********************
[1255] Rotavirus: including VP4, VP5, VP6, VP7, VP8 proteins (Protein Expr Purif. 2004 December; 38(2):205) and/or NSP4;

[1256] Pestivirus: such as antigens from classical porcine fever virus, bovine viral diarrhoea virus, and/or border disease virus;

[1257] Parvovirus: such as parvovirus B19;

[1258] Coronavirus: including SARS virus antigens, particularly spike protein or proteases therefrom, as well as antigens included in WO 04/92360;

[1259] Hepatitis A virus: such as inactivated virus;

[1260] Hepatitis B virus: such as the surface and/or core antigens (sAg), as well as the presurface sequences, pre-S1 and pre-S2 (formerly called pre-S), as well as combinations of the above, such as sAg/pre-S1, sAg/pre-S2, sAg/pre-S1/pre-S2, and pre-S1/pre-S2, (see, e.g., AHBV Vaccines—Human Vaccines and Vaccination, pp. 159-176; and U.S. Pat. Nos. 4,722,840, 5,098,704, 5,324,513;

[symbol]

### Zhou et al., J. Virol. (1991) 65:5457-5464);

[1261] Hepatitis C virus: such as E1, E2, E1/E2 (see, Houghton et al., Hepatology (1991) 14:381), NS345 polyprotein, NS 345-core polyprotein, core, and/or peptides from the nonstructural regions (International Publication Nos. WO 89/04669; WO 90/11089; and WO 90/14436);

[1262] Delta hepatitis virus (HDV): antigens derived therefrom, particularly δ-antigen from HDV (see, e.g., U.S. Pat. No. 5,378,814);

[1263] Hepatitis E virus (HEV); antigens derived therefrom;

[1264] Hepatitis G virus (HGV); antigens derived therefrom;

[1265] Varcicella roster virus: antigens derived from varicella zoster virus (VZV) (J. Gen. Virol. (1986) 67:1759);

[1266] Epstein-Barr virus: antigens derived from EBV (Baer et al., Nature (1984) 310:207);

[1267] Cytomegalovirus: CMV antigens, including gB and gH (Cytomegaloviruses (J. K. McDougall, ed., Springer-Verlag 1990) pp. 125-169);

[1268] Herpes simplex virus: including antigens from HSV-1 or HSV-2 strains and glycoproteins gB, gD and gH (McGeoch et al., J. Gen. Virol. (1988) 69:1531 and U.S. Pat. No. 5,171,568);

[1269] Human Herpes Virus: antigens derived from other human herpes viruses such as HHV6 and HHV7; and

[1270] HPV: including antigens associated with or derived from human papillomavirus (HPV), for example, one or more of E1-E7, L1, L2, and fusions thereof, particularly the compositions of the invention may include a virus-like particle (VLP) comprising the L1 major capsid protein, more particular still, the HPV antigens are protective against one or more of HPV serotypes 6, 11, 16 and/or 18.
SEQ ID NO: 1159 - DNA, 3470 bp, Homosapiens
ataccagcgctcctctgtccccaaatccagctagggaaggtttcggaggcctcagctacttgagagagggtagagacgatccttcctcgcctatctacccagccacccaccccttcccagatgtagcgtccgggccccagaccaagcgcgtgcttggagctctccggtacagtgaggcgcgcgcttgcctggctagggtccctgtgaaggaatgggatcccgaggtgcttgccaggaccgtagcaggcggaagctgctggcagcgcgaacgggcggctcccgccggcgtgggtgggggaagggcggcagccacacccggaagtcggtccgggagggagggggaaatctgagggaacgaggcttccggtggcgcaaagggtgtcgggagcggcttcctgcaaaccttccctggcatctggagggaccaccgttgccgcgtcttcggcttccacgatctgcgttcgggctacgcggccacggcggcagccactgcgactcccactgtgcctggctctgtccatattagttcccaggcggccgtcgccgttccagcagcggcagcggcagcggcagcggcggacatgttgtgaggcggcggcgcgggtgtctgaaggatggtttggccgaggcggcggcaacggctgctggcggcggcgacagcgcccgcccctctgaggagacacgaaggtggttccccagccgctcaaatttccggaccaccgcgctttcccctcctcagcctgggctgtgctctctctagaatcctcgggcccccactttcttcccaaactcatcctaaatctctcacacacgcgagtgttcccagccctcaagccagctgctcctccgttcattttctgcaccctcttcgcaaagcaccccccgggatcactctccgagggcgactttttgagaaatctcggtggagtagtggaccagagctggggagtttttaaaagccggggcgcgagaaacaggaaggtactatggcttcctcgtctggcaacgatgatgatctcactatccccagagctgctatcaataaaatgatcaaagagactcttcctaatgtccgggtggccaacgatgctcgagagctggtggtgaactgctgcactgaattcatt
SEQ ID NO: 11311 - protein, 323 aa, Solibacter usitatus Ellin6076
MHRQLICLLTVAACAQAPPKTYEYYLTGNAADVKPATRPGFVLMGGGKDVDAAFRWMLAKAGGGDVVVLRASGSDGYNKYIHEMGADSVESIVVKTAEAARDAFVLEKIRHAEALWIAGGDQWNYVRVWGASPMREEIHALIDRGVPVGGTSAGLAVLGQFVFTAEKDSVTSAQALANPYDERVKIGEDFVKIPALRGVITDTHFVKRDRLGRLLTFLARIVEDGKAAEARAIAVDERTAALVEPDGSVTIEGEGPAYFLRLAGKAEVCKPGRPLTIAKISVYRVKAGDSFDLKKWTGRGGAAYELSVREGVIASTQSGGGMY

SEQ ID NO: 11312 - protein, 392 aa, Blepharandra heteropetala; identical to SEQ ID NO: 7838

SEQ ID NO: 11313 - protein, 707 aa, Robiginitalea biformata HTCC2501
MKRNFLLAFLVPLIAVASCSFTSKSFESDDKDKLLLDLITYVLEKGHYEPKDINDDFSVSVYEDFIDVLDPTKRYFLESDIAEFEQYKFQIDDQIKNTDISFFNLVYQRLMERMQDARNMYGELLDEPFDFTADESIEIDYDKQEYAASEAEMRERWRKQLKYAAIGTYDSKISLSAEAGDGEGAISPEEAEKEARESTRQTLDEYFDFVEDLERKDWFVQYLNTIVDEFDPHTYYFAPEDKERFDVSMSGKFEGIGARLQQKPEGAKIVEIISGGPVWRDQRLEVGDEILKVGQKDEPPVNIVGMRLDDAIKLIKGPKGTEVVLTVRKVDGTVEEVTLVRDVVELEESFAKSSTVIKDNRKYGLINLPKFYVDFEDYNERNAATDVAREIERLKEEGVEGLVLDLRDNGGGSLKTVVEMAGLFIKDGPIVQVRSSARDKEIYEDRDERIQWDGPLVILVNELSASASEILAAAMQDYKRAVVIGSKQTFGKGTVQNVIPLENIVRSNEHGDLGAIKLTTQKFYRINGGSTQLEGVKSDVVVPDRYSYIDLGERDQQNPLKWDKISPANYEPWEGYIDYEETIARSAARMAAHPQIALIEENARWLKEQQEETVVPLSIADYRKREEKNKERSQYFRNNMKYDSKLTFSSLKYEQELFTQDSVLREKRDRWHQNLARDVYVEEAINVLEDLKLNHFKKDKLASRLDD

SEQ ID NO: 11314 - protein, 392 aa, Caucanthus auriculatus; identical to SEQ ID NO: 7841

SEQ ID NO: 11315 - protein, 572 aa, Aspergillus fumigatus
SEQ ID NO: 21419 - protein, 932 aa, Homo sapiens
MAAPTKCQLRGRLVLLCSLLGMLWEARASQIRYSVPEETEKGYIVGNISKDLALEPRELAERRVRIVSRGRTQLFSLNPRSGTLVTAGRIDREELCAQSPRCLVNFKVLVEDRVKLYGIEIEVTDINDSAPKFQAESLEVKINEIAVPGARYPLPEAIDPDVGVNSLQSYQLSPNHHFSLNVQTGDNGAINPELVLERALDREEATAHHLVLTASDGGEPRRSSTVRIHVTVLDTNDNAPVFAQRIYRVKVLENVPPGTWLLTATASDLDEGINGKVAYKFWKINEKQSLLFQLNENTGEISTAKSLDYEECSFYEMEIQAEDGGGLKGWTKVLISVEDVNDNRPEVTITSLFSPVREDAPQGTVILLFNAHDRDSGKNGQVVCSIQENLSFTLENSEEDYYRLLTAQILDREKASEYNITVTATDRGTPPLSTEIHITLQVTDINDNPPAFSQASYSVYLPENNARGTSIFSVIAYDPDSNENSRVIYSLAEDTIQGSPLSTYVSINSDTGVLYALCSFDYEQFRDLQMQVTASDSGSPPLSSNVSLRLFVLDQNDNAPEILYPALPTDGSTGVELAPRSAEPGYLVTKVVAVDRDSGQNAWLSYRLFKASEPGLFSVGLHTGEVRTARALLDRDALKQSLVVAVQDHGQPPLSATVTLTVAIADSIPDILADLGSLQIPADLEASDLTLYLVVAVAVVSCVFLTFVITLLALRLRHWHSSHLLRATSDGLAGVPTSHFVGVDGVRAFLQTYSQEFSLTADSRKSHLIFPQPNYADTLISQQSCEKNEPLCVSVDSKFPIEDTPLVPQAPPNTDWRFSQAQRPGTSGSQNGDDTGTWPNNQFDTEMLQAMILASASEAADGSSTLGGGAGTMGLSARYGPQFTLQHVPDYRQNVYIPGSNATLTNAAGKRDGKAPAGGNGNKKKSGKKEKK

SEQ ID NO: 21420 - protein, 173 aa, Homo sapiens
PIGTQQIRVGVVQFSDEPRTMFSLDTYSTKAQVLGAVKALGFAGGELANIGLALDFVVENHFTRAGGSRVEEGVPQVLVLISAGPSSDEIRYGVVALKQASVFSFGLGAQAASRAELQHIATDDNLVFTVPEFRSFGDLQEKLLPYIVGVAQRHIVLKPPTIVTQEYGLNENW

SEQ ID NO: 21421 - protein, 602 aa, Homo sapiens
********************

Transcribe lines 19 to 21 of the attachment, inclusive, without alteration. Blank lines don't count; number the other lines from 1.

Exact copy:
SEQ ID NO: 1159 - DNA, 3470 bp, Homosapiens
ataccagcgctcctctgtccccaaatccagctagggaaggtttcggaggcctcagctacttgagagagggtagagacgatccttcctcgcctatctacccagccacccaccccttcccagatgtagcgtccgggccccagaccaagcgcgtgcttggagctctccggtacagtgaggcgcgcgcttgcctggctagggtccctgtgaaggaatgggatcccgaggtgcttgccaggaccgtagcaggcggaagctgctggcagcgcgaacgggcggctcccgccggcgtgggtgggggaagggcggcagccacacccggaagtcggtccgggagggagggggaaatctgagggaacgaggcttccggtggcgcaaagggtgtcgggagcggcttcctgcaaaccttccctggcatctggagggaccaccgttgccgcgtcttcggcttccacgatctgcgttcgggctacgcggccacggcggcagccactgcgactcccactgtgcctggctctgtccatattagttcccaggcggccgtcgccgttccagcagcggcagcggcagcggcagcggcggacatgttgtgaggcggcggcgcgggtgtctgaaggatggtttggccgaggcggcggcaacggctgctggcggcggcgacagcgcccgcccctctgaggagacacgaaggtggttccccagccgctcaaatttccggaccaccgcgctttcccctcctcagcctgggctgtgctctctctagaatcctcgggcccccactttcttcccaaactcatcctaaatctctcacacacgcgagtgttcccagccctcaagccagctgctcctccgttcattttctgcaccctcttcgcaaagcaccccccgggatcactctccgagggcgactttttgagaaatctcggtggagtagtggaccagagctggggagtttttaaaagccggggcgcgagaaacaggaaggtactatggcttcctcgtctggcaacgatgatgatctcactatccccagagctgctatcaataaaatgatcaaagagactcttcctaatgtccgggtggccaacgatgctcgagagctggtggtgaactgctgcactgaattcatt
SEQ ID NO: 11311 - protein, 323 aa, Solibacter usitatus Ellin6076